When their boy Grant is pitching for Meridian High School, you won’t frequently discover Paige and Joe Greiner sitting together.

“I like to stand behind the opponents’ bleachers,” Paige stated. “I don’t like to be around. I like to walk the dog a lot.”

Joe, her partner, is typically in his fold-up chair near the backstop.

“I just sit here quietly,” he stated Wednesday at a roadway video game for the Northern Virginia high school. “Very similar to what you see me doing now. I’ll toss out a couple of baseball banalities every now and then. ‘Go get him.’ Straight cheering and watching and enjoying.”

The setup works for them and fits with the approach of sportsmanship they have actually attempted to support throughout their boy’s athletic development. If you ask Grant, his moms and dads taught him 3 standard things for many years that made him the kind of professional athlete who is self-reliant and seldom spirals.

1. You constantly stop working at some time.

“They taught me that,” Grant stated. “And you have to bounce back. Always keep going.”

2. Always be a great sport.

“Win, lose, you still have to go out there and shake their hands,” he stated. “Keep playing.”

3. Never give up.

“That’s sort of what I’m passing today,” he concluded.

The Greiners spoke to USA TODAY Sports on a pleasant evening amid a jovial atmosphere that included organ music through a speaker. But two weeks ago, the night of March 15, was different. Their son was on the mound, but the wind was blowing and the temperature in the Washington, D.C., suburbs dipped into the 30s.

“We all appreciated that Grant was throwing strikes because it was so cold,” Joe said.

Grant, a junior, was throwing about three of four pitches for strikes. By the fifth inning of the game against Thomas Jefferson High, it became clear something even more exceptional might be happening. His teammates, upholding baseball tradition, tried not to make a big deal of it in the dugout.

In 1956, the Yankees’ Don Larsen was setting down Dodger after Dodger in Game 5 of the World Series. He would follow teammate Mickey Mantle around the dugout in between innings and say: “Hey Mick, I’m pitchin’ a no-hitter here.”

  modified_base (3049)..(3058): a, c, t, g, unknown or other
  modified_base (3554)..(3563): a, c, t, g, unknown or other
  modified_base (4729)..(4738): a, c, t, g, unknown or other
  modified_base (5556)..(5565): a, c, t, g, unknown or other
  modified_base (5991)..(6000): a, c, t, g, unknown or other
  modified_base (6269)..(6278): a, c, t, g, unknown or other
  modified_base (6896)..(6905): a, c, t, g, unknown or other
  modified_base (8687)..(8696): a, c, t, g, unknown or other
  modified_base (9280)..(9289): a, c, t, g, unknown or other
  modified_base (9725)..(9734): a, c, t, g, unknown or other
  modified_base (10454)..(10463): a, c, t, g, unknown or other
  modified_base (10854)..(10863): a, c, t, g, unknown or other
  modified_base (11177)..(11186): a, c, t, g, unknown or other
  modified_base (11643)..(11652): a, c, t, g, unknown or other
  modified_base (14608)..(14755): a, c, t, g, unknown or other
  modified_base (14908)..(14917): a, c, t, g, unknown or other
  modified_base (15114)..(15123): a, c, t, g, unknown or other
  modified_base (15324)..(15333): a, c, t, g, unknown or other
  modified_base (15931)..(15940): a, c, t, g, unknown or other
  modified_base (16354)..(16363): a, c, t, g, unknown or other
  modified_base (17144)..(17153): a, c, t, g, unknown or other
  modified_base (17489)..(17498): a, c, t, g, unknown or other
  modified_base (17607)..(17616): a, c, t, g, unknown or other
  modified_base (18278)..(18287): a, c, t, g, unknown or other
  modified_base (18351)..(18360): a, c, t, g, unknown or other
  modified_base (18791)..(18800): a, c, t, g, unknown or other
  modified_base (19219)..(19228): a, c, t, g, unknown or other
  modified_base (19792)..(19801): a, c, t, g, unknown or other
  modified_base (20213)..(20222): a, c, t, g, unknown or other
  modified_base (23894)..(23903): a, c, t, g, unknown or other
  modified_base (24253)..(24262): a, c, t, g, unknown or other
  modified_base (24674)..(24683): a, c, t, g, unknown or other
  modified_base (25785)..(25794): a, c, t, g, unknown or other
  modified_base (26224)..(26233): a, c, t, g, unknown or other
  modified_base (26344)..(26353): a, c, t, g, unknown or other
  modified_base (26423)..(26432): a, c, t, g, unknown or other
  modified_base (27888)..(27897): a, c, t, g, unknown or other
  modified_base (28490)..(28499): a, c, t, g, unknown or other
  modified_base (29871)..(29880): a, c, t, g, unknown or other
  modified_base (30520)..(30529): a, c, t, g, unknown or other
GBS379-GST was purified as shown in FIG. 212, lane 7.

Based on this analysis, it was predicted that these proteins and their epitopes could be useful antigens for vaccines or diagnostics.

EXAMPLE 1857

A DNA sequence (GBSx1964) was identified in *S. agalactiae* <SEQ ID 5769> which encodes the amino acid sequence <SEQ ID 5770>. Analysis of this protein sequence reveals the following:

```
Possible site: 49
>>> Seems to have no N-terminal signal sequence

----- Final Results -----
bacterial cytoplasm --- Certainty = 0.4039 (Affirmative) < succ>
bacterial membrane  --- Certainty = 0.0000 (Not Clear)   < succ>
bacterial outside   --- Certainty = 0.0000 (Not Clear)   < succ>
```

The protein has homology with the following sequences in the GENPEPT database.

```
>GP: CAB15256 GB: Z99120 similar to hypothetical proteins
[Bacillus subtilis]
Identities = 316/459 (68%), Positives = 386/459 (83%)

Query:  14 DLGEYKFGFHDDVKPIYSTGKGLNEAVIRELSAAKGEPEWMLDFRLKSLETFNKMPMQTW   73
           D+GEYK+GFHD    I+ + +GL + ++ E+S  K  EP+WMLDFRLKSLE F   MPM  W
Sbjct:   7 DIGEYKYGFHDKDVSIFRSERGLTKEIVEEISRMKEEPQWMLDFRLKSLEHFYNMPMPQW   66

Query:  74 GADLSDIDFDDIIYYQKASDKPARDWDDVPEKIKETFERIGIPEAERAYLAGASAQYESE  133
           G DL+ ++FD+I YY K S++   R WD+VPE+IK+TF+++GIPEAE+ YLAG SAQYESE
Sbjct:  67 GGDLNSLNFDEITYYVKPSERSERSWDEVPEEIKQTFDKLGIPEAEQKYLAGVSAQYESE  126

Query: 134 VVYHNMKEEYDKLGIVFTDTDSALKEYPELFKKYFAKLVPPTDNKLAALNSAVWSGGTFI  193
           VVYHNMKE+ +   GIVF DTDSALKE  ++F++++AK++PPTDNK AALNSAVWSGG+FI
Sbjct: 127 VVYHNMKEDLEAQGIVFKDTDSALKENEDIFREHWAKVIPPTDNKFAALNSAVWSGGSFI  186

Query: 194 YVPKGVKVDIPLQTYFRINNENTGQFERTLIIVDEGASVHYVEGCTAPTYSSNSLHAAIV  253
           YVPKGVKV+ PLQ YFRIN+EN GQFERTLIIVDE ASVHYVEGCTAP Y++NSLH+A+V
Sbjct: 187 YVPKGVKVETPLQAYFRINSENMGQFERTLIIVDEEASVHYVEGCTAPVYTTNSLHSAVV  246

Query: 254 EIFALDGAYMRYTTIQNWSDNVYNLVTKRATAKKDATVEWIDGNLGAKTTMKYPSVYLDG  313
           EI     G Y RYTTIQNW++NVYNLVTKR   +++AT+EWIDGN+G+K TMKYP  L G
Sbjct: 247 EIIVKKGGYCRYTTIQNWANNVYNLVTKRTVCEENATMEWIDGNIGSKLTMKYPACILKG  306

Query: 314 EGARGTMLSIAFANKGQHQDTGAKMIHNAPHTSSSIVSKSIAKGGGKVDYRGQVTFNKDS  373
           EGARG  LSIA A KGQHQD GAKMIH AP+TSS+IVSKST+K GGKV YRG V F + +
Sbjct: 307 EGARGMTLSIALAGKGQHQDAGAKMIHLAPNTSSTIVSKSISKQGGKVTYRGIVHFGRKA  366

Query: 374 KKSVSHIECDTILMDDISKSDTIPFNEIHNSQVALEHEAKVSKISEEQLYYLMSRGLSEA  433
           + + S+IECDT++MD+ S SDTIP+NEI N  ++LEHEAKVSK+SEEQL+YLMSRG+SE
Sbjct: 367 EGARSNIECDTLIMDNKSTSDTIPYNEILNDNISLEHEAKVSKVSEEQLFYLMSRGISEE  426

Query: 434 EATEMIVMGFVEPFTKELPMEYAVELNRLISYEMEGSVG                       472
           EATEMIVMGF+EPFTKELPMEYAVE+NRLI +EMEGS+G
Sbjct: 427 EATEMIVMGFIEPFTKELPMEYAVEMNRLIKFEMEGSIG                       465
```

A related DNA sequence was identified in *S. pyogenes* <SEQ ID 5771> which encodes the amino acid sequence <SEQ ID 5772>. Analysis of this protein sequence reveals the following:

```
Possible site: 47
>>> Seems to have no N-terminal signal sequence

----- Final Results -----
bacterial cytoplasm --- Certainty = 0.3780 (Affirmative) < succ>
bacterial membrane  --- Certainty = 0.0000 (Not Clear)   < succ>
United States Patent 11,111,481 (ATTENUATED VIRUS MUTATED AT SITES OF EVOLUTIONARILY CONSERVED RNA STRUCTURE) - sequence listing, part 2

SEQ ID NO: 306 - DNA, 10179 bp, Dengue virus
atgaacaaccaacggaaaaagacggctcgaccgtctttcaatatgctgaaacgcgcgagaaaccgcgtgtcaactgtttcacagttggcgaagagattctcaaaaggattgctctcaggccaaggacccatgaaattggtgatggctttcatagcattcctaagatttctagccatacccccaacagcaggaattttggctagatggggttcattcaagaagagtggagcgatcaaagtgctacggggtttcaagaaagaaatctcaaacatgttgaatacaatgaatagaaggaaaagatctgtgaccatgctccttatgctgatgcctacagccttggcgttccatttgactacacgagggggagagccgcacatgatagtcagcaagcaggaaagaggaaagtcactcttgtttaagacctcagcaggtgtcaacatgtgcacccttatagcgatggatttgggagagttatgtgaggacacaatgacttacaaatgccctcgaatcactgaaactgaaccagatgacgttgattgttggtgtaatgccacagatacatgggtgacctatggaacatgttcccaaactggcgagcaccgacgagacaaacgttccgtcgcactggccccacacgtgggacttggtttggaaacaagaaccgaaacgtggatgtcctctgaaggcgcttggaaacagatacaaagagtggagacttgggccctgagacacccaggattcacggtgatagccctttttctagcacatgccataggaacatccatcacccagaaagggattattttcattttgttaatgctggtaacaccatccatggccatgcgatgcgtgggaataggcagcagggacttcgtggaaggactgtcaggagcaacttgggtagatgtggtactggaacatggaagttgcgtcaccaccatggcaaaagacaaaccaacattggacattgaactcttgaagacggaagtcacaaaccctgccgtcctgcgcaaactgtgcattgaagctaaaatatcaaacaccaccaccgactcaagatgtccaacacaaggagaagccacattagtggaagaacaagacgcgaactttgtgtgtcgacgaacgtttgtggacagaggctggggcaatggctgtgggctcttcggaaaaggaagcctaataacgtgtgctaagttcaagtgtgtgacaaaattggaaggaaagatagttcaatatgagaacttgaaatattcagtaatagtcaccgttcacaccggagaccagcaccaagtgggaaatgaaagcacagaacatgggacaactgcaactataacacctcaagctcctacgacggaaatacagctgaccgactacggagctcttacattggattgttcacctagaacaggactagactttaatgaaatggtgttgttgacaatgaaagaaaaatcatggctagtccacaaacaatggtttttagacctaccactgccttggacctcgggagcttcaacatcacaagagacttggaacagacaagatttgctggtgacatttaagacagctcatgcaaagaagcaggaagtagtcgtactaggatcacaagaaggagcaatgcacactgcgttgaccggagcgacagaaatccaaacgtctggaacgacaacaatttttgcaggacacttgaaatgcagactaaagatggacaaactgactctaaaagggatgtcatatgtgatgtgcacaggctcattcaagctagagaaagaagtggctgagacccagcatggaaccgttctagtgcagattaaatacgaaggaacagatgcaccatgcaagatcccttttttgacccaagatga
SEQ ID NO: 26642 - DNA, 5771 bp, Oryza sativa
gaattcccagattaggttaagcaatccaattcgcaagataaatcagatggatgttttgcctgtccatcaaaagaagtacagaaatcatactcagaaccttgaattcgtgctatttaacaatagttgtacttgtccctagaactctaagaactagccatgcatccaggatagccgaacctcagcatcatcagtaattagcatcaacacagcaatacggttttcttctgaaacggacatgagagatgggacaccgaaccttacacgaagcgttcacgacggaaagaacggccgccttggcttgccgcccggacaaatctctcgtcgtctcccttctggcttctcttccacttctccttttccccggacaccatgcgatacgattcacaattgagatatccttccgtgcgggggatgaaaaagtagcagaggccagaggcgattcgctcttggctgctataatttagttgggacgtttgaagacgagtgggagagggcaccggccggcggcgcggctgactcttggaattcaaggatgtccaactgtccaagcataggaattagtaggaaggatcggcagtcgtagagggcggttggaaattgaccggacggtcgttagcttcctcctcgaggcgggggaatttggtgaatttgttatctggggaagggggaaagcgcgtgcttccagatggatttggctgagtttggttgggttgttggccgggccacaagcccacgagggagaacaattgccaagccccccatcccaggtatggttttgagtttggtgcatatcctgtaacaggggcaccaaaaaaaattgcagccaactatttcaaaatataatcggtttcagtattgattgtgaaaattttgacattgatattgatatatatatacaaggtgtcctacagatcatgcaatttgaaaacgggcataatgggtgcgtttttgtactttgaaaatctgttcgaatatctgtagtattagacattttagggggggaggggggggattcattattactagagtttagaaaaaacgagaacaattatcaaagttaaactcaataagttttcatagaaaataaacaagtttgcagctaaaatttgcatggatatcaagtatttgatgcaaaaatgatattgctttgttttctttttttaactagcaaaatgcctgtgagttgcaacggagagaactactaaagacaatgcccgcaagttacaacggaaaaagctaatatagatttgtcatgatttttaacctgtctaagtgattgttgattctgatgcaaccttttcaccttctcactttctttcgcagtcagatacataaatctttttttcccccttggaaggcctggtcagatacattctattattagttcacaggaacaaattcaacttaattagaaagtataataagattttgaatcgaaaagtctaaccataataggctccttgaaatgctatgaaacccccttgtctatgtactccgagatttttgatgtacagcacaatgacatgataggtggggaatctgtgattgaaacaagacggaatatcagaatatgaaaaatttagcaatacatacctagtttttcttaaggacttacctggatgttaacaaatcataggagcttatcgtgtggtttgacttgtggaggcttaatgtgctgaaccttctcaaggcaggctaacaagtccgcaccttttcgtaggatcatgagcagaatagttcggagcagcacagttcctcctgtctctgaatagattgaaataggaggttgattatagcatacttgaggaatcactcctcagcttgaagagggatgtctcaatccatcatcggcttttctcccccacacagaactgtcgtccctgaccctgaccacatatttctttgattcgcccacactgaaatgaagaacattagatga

“Gooney, get away from me,” Mantle had to tell him.

Grant instead heard whispers from teammates and got a couple of exclamatory high fives, but there was no jinxing him. Pretty soon, he had set down 18 hitters in a row, completing his perfect game, just like Larsen.

“It gave me a lot more confidence,” Greiner said. “It assured me all the hard work I’m doing helped. It works.”

Larsen was large and awkward, thus the nickname “Gooney Bird.” But at 6-4, 215 pounds, he found a no-windup motion in which he could step and fire balls past hitters. It was kind of how Grant pitched as a 12-year-old. But when he played travel ball, his coach wouldn’t pitch him. So, his parents enrolled Grant in what they described as a bare bones player development program. He had a young coach who demanded a lot of the kids.

“I think he really thrives on that structure,” Paige said.

Less than a year ago, Grant got into weight training. He’s now 6-3 ½ and 211 pounds. He goes to the gym after practice, or on Saturday nights. Last season, he started a Virginia state semifinal game as a sophomore. This year, he’s the Mustangs’ ace.

“It’s definitely an example of what you do in Little League is not indicative of what you’re gonna do in high school,” Joe says. “If you’re a Little League shortstop, you may end up being a first baseman or outfielder or catcher.”

Joe has coached Grant and his two younger brothers since they were young. He was in charge of the Positive Coaching Alliance program for their Little League. It’s an approach he and Paige always used with their kids.

“What I have found as a coach is the only thing that works is positive enforcement,” Joe said.

They gave Grant room to breathe and grow as an athlete. Joe admits having to rein himself in at times. He takes notes on his phone during Grant’s games but won’t tell him his assessment until a day or so later to “offer him time to decompress.”

Paige calls Grant “Pal” when she cheers (loudly), and makes him a protein shake and a snack before every home game. Grant has thrived, playing baseball and basketball (starting on varsity since he was a sophomore) with poise and confidence.

“He doesn’t spiral down into the dumps,” Paige said. “He’s very even. He doesn’t get super frustrated or super upset, which is easier on me to watch.”

When asked what she’s most proud of about Grant, she says: “He requires very little from us. He does everything on his own. … He’s so much better than he thinks he is. And maybe that’s a parent talking.”

She laughs, like Joe does when you ask him if he thought Grant was superstitious during the perfect game.

“I don’t know if he’s superstitious,” he says. “I think he’s just hungry.”

Steve Borelli, aka Coach Steve, has been an editor and writer with USA TODAY since 1999. He spent 10 years coaching his two sons’ youth teams. He and his wife, Colleen, are now loving life as sports parents for a high schooler and middle schooler.

Steve Borelli coached his sons, Connor (left) and Liam, from tee ball through middle school baseball.

Steve Borelli coached his kids, Connor (left) and Liam, from tee ball through intermediate school baseball.

This post initially appeared on U.S.A. TODAY: Be a great sport! Teach your kid these 3 lessons in sportsmanship

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